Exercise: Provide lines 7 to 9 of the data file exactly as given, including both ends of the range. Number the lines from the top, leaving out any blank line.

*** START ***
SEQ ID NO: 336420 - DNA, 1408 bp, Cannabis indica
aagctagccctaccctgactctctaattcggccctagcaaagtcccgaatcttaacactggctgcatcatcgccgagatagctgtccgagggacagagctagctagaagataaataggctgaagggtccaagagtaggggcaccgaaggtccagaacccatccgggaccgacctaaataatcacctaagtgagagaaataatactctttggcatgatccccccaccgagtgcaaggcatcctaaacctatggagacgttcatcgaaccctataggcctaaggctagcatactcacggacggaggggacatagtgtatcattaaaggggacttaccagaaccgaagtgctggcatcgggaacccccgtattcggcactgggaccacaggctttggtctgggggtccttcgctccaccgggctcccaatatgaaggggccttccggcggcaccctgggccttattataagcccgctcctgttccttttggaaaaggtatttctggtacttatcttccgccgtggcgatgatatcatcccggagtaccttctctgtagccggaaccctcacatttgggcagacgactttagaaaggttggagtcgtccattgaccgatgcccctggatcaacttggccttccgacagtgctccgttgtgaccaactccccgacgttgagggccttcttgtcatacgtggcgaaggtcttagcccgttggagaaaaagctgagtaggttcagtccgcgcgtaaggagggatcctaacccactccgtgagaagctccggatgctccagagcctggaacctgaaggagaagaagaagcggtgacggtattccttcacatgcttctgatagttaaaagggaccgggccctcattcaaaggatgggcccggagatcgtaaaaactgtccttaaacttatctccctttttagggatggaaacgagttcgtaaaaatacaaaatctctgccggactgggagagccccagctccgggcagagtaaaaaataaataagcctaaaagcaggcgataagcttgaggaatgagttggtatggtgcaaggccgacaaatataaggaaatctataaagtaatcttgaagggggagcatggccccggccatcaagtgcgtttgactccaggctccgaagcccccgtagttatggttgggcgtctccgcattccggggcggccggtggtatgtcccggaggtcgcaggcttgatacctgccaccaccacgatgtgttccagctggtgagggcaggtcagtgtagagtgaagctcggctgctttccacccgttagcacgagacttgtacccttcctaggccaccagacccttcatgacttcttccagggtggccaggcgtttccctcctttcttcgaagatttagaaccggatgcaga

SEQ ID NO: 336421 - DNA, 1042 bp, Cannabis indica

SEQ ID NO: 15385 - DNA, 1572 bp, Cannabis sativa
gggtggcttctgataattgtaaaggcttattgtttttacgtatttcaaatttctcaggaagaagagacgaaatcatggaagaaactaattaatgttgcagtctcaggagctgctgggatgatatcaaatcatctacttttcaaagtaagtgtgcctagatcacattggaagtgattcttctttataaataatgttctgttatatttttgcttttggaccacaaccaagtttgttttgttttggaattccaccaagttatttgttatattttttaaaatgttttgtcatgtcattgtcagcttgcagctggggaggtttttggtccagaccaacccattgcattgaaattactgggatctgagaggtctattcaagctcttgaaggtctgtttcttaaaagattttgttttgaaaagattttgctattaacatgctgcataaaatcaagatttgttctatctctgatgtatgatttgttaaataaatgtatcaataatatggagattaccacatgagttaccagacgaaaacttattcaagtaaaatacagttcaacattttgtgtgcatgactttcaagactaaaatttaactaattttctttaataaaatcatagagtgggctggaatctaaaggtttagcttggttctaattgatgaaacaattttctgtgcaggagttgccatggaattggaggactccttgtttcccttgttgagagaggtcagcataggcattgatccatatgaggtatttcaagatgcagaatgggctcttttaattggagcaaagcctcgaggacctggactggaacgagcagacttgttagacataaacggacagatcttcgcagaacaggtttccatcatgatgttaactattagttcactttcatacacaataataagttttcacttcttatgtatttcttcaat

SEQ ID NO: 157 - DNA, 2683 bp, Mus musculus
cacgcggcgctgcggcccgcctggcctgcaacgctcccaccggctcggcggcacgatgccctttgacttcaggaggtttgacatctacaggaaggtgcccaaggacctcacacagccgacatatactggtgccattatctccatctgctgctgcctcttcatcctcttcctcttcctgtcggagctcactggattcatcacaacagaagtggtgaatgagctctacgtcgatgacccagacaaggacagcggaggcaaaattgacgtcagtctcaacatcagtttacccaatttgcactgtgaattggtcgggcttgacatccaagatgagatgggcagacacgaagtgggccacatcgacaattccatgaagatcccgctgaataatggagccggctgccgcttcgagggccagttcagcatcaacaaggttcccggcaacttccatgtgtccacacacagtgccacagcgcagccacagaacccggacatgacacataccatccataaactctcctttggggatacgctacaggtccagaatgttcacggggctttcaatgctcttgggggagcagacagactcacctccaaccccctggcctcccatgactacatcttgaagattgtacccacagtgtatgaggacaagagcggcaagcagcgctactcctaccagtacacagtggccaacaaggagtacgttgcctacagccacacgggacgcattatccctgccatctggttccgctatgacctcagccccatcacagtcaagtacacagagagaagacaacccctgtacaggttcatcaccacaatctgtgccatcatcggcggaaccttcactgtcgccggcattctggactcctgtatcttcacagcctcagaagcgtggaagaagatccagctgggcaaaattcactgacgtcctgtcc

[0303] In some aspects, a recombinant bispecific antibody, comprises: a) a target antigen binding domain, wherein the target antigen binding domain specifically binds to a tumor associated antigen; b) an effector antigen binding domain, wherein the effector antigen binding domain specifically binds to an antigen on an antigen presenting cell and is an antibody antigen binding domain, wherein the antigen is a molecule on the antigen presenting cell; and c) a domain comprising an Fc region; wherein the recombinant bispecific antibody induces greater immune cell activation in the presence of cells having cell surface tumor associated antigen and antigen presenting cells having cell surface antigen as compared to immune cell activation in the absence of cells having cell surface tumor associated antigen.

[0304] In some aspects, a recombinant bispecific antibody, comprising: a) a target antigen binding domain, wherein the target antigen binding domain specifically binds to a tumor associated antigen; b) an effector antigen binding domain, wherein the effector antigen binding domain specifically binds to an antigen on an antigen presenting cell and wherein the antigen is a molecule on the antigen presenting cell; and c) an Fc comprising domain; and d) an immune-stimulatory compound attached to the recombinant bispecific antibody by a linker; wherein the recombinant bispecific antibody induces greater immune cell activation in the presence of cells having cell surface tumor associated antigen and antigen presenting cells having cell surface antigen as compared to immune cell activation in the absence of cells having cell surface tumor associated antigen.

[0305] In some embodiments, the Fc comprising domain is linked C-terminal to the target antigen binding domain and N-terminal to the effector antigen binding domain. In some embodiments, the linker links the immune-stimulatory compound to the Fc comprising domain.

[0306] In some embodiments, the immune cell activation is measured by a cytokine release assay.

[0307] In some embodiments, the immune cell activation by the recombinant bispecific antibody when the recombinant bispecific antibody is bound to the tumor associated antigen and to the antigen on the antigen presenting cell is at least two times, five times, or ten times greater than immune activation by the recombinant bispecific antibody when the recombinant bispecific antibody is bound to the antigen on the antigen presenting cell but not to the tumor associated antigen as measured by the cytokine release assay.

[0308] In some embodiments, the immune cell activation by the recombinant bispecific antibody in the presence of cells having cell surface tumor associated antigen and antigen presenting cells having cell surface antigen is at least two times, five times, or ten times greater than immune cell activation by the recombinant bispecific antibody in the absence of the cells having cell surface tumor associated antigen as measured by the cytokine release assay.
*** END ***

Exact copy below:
cacgcggcgctgcggcccgcctggcctgcaacgctcccaccggctcggcggcacgatgccctttgacttcaggaggtttgacatctacaggaaggtgcccaaggacctcacacagccgacatatactggtgccattatctccatctgctgctgcctcttcatcctcttcctcttcctgtcggagctcactggattcatcacaacagaagtggtgaatgagctctacgtcgatgacccagacaaggacagcggaggcaaaattgacgtcagtctcaacatcagtttacccaatttgcactgtgaattggtcgggcttgacatccaagatgagatgggcagacacgaagtgggccacatcgacaattccatgaagatcccgctgaataatggagccggctgccgcttcgagggccagttcagcatcaacaaggttcccggcaacttccatgtgtccacacacagtgccacagcgcagccacagaacccggacatgacacataccatccataaactctcctttggggatacgctacaggtccagaatgttcacggggctttcaatgctcttgggggagcagacagactcacctccaaccccctggcctcccatgactacatcttgaagattgtacccacagtgtatgaggacaagagcggcaagcagcgctactcctaccagtacacagtggccaacaaggagtacgttgcctacagccacacgggacgcattatccctgccatctggttccgctatgacctcagccccatcacagtcaagtacacagagagaagacaacccctgtacaggttcatcaccacaatctgtgccatcatcggcggaaccttcactgtcgccggcattctggactcctgtatcttcacagcctcagaagcgtggaagaagatccagctgggcaaaattcactgacgtcctgtcc

[0303] In some aspects, a recombinant bispecific antibody, comprises: a) a target antigen binding domain, wherein the target antigen binding domain specifically binds to a tumor associated antigen; b) an effector antigen binding domain, wherein the effector antigen binding domain specifically binds to an antigen on an antigen presenting cell and is an antibody antigen binding domain, wherein the antigen is a molecule on the antigen presenting cell; and c) a domain comprising an Fc region; wherein the recombinant bispecific antibody induces greater immune cell activation in the presence of cells having cell surface tumor associated antigen and antigen presenting cells having cell surface antigen as compared to immune cell activation in the absence of cells having cell surface tumor associated antigen.

[0304] In some aspects, a recombinant bispecific antibody, comprising: a) a target antigen binding domain, wherein the target antigen binding domain specifically binds to a tumor associated antigen; b) an effector antigen binding domain, wherein the effector antigen binding domain specifically binds to an antigen on an antigen presenting cell and wherein the antigen is a molecule on the antigen presenting cell; and c) an Fc comprising domain; and d) an immune-stimulatory compound attached to the recombinant bispecific antibody by a linker; wherein the recombinant bispecific antibody induces greater immune cell activation in the presence of cells having cell surface tumor associated antigen and antigen presenting cells having cell surface antigen as compared to immune cell activation in the absence of cells having cell surface tumor associated antigen.